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Want a hint of what the Trump administration will do about the Korean peninsula? Watch Secretary of Defense James Mattis

Because Trump seems to have a thing for military men, and because of his responsibility for America’s vast war-making capability, Mattis’ voice is likely to be highly influential.

Secretary of Defense James Mattis hasn’t given a firm indication where he would come down on military action against North Korea.
REUTERS/Jonathan Ernst

After the skaters and skiers, the curlers and hockey players head home at the end of the Olympic Winter Games, the one figure most worth watching for a hint of what awaits the Korean peninsula is the baggy-eyed ex-Marine known as “Mad Dog” or the “Warrior Monk.” 

Barring some catastrophe, the games will succeed in providing a respite from worries that North Korea and the United States are edging toward war — possibly with nuclear weapons. But a diversion is all it’s likely to be.

Chances are that North Korea’s decision to participate in the games represents little more than another of the tactical maneuvers it has perfected over decades. It’s possible that Kim Jong Un has blinked just a bit, but seems more likely that he is working just as hard on his nuclear warheads and ballistic missiles. 

Meanwhile, harsh language from President Trump and Vice President Mike Pence, plus the decision to drop a candidate for ambassador to South Korea who opposes a “bloody nose” strike at North Korea have led some to conclude Trump is considering just such an attack. In theory, it would serve as a warning short of launching a full-scale war. In practice, many experts doubt that once begun, a conflict could be contained.

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Enter Secretary of Defense James Mattis, a retired Marine general.

Because Trump seems to have a thing for military men, because of Mattis’ fearsome reputation as a ground commander and because of his responsibility for America’s vast war-making capability, his voice is likely to be highly influential. So far, he hasn’t given a firm indication where he would come down on military action against North Korea.

Mattis is unafraid to unleash the U.S. military in what he considers the right circumstances. But he also is regarded as something of a scholar, and he has first-hand knowledge of how things can go badly wrong. He privately opposed the U.S. invasion of Iraq in 2003, ended up commanding 25,000 Marines charging toward Baghdad, and witnessed the messy aftermath.

CNN Pentagon correspondent Barbara Starr started her recent analysis this way: “Defense Secretary James Mattis begins his second year in the Trump Administration with perhaps just one absolutely crucial task — stopping President Donald Trump from going to war against North Korea.”

That may be overstating it a bit, but you get the idea how important this is.

While Kim’s motives remain opaque, there have been signals that Washington is reconsidering its options. This New York Times report describes a split among senior officials surrounding Trump — National Security Adviser H.R. McMaster on one side, and Mattis and Secretary of State Rex Tillerson on the other. Tillerson appears to have little influence, making Mattis all the more important.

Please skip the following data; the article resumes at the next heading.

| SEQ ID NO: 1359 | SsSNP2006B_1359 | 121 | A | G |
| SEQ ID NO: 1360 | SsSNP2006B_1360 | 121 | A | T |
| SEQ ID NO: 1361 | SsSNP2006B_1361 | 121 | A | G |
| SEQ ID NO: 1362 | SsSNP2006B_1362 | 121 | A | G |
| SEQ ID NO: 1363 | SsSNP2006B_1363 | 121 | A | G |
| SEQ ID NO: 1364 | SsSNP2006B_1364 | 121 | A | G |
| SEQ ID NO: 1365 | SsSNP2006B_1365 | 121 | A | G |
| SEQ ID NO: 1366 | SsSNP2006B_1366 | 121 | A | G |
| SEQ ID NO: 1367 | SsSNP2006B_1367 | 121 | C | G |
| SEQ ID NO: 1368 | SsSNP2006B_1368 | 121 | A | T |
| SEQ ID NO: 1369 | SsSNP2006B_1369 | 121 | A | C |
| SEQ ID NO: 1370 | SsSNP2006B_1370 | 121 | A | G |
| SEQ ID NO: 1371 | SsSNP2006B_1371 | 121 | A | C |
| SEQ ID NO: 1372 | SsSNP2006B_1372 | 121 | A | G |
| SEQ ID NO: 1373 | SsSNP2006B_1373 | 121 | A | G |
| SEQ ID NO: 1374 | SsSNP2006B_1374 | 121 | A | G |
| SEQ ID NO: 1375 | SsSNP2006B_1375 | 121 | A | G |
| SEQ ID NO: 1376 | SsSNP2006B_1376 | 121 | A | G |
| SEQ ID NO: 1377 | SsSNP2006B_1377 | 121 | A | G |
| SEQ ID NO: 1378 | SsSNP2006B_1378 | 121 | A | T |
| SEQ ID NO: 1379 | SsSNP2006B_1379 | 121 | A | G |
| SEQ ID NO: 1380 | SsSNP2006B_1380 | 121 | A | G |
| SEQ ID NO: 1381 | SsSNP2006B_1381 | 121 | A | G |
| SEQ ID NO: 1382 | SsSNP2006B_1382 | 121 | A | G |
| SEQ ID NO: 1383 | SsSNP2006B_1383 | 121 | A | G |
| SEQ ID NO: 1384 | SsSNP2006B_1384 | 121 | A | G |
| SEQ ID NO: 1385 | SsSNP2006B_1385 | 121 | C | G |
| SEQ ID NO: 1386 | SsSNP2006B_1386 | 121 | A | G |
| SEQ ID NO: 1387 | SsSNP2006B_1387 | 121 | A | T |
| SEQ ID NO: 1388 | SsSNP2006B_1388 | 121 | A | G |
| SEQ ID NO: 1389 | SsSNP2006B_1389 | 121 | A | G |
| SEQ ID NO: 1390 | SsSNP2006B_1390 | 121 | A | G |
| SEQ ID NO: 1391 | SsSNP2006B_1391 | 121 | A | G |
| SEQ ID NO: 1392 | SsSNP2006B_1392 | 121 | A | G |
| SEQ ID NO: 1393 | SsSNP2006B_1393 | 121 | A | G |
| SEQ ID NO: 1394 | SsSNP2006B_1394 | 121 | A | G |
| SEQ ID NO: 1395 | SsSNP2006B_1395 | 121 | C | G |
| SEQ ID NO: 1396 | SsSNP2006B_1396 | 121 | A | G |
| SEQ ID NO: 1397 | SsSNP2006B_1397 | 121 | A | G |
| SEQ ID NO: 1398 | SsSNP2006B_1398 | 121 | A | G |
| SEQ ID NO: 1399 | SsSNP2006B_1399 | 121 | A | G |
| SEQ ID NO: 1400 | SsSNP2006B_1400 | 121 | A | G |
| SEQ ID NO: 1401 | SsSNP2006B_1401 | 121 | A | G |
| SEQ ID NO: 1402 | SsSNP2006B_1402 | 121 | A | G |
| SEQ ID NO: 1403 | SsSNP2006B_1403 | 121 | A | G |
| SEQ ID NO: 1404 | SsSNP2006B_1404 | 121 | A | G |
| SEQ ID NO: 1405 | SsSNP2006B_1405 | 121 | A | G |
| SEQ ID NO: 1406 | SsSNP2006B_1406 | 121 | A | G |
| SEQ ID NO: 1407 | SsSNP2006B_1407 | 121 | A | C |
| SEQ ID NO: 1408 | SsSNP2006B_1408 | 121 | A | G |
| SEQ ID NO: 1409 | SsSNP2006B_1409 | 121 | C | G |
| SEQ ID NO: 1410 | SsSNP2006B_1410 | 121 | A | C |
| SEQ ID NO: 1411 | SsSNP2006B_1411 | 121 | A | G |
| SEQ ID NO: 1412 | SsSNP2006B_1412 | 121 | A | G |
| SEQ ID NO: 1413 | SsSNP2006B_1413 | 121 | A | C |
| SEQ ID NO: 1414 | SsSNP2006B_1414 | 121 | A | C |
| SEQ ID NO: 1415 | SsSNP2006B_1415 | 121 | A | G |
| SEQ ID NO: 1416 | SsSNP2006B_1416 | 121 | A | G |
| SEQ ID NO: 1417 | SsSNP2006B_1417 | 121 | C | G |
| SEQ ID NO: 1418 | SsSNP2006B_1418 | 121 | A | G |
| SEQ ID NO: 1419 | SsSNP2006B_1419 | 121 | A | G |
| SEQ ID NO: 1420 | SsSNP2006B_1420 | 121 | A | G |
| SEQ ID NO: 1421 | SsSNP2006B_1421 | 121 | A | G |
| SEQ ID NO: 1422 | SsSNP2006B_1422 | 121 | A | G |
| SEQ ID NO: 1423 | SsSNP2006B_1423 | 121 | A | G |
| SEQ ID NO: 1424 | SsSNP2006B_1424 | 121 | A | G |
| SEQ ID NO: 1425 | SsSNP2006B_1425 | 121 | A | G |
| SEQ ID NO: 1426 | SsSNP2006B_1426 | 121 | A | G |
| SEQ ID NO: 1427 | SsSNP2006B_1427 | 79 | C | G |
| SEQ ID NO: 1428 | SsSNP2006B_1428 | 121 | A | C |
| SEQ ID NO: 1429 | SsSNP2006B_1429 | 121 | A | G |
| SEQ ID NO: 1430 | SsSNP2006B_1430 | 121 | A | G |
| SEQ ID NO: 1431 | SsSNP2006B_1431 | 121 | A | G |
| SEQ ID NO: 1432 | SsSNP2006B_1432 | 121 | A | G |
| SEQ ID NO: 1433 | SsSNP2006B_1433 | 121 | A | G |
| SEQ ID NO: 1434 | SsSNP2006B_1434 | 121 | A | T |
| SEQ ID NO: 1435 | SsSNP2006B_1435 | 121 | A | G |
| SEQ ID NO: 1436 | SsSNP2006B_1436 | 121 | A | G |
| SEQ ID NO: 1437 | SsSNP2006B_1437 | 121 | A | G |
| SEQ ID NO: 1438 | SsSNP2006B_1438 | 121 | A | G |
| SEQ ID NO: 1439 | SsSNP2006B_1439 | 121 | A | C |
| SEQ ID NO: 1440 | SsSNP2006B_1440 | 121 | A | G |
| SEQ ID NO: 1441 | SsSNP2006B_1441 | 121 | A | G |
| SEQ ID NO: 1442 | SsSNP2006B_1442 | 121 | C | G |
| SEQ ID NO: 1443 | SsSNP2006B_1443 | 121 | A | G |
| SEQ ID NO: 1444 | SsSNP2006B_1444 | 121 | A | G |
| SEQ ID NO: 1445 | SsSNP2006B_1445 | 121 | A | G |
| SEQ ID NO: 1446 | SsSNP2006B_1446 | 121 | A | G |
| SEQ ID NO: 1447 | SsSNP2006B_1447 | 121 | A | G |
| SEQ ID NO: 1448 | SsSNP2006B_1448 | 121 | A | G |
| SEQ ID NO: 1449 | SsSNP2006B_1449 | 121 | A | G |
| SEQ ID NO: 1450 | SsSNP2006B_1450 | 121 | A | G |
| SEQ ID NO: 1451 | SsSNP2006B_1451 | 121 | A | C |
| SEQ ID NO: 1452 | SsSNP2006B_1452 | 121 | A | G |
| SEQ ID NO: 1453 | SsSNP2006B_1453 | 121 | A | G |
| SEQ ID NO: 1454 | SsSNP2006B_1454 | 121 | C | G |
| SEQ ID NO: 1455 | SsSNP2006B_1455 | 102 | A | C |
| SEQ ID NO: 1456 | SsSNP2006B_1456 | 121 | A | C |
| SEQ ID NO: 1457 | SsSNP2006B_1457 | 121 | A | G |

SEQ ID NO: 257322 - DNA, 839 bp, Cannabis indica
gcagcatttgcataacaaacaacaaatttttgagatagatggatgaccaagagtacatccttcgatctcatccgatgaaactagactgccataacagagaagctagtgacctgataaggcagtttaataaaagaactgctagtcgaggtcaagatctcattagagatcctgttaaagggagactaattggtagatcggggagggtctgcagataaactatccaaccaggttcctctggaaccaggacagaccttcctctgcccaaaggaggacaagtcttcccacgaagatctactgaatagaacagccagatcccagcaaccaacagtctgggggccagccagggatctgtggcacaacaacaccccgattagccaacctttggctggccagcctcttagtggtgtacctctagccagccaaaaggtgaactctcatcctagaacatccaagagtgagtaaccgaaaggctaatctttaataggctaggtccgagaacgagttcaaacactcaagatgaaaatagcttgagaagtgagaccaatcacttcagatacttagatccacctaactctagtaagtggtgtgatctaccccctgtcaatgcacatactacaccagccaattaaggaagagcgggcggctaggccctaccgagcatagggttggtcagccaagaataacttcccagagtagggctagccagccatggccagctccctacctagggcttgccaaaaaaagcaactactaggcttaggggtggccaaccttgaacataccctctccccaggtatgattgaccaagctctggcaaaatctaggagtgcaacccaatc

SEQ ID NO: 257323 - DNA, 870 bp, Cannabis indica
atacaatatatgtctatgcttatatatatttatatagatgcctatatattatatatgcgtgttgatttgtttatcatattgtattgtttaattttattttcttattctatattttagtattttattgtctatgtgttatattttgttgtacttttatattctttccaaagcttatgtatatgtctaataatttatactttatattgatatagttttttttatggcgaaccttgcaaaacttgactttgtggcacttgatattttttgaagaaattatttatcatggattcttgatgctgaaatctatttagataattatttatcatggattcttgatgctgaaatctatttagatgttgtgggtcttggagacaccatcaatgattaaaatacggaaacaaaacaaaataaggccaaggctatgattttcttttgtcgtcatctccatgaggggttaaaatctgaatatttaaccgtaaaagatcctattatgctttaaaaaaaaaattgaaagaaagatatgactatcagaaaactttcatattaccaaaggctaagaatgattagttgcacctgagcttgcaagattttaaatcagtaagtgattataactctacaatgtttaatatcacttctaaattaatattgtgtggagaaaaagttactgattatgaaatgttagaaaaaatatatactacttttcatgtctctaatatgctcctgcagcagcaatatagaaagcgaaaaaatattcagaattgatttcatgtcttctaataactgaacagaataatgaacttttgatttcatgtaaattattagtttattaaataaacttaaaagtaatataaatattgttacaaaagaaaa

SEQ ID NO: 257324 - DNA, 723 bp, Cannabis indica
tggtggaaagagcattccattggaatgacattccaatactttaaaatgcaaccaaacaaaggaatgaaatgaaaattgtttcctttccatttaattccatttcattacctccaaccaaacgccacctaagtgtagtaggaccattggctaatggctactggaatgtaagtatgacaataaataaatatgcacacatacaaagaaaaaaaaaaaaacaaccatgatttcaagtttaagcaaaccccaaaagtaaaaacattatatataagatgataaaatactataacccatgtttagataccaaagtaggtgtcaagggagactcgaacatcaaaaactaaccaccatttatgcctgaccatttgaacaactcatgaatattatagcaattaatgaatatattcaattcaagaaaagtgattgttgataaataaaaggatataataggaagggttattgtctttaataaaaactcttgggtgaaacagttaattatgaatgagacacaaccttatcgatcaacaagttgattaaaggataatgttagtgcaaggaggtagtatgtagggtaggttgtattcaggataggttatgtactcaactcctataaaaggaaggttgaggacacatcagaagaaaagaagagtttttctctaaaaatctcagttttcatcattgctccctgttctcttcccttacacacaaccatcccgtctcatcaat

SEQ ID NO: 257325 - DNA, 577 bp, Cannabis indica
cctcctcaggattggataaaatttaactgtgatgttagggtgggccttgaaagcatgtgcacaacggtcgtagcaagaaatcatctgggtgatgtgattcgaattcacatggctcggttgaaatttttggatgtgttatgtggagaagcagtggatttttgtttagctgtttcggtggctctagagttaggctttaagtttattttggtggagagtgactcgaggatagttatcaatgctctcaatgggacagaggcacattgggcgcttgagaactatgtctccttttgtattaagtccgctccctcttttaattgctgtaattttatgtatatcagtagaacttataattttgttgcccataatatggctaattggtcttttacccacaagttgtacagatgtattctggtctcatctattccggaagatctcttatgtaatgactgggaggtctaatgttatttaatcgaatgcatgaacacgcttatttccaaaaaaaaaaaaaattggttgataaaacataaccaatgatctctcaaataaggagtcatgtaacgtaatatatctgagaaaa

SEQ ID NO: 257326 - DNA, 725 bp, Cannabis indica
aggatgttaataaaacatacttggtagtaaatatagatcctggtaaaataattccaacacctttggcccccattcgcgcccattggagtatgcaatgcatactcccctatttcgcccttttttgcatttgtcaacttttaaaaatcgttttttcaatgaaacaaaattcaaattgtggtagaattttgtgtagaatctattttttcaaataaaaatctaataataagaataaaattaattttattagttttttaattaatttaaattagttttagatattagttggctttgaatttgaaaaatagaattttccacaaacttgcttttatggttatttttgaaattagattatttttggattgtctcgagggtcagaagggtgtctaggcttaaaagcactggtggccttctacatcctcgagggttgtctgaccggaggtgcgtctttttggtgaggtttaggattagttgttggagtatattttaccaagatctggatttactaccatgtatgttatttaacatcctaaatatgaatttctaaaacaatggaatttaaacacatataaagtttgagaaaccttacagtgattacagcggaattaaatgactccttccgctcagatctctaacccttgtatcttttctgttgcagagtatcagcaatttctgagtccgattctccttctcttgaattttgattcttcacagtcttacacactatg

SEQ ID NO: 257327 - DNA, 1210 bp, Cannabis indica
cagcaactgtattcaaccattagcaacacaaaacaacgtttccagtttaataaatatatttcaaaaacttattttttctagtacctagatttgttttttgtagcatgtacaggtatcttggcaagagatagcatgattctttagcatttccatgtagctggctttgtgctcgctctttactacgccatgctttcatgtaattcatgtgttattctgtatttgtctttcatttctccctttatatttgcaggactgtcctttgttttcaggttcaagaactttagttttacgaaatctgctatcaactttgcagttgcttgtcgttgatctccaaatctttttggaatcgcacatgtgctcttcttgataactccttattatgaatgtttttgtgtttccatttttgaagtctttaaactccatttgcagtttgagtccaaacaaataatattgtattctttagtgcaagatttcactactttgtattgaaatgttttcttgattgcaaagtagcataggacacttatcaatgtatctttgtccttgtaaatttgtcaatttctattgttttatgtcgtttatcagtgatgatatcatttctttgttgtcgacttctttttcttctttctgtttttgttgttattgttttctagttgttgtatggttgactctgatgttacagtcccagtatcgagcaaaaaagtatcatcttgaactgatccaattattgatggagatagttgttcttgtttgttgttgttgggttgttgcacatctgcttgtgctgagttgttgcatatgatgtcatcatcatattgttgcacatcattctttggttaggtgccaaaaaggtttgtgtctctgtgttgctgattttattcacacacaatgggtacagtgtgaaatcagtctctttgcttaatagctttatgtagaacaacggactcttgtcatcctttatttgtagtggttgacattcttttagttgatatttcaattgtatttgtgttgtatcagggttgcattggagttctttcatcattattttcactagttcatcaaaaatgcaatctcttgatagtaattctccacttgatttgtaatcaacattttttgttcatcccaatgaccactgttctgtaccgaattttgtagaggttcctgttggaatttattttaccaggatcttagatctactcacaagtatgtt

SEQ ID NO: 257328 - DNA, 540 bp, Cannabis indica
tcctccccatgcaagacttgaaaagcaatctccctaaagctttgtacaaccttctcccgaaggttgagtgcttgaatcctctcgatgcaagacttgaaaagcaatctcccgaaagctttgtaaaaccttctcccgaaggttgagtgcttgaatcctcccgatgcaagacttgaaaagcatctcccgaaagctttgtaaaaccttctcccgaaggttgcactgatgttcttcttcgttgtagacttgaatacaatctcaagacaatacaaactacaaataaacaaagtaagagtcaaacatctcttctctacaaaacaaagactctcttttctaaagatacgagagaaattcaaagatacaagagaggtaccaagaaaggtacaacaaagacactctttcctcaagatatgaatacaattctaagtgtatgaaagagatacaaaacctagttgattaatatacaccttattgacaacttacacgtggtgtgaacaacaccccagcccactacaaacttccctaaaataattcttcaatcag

McMaster, like the others, is said to still prefer a diplomatic solution, but wants the Pentagon to present Trump with more military options. The Times quotes officials as saying the Pentagon is worried Trump will move too quickly toward military action.

James Jeffrey, a former U.S. ambassador to Turkey and Iraq, says McMaster seems to be following a Cold War-era script that includes riskier military preparations to get the attention of North Korea and China. 

After months of vetting, the Trump administration also pulled the plug on the nomination of Victor Cha as ambassador to South Korea. Cha isn’t known as a softie when it comes to North Korea. But opposing a “bloody nose” strike was apparently enough to kill his nomination.

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After it was pulled, Cha outlined his views in the Washington Post. If the U.S. considers Kim irrational, such an attack would put American citizens in South Korea — a population the size of Pittsburgh or Cincinnati — at risk “on the assumption that a crazy and undeterrable dictator will be rationally cowed by a demonstration of U.S. kinetic power.”

Instead, he argued for building on existing sanctions, supplying more sophisticated weapons to South Korea and Japan, imposing a blockade to prevent North Korea from nuclear proliferation and continuing to prepare for a defensive war.

So where might Mattis come down on all of this? He has stood out in the Trump administration by arguing against the use of torture and for the importance of alliances. He has been careful with public statements, and in the case of North Korea still emphasizes diplomacy — backed by military preparedness. If he starts moving off of that formulation, it could be very significant.

As bad as Iraq was, a war on the Korean peninsula probably would be much worse. The threat of chemical and biological weapons never materialized in Iraq. In North Korea they are a real possibility — along with nuclear weapons.

The New Yorker’s Dexter Filkins quotes Mattis as saying after a speech several years ago that he would have considered resigning his military command if he had been asked by a civilian leader to do something “unethical, immoral or … felony stupid.” But he also stressed the importance of chain of command. “Words like ‘You serve at the pleasure of the President’ — you can’t say, ‘Those words only count when I agree, and the President agrees with me,’” Mattis said. 

Mattis is in a tough spot that’s likely to get tougher. As the situation develops, it will be important to listen very carefully to what he has to say.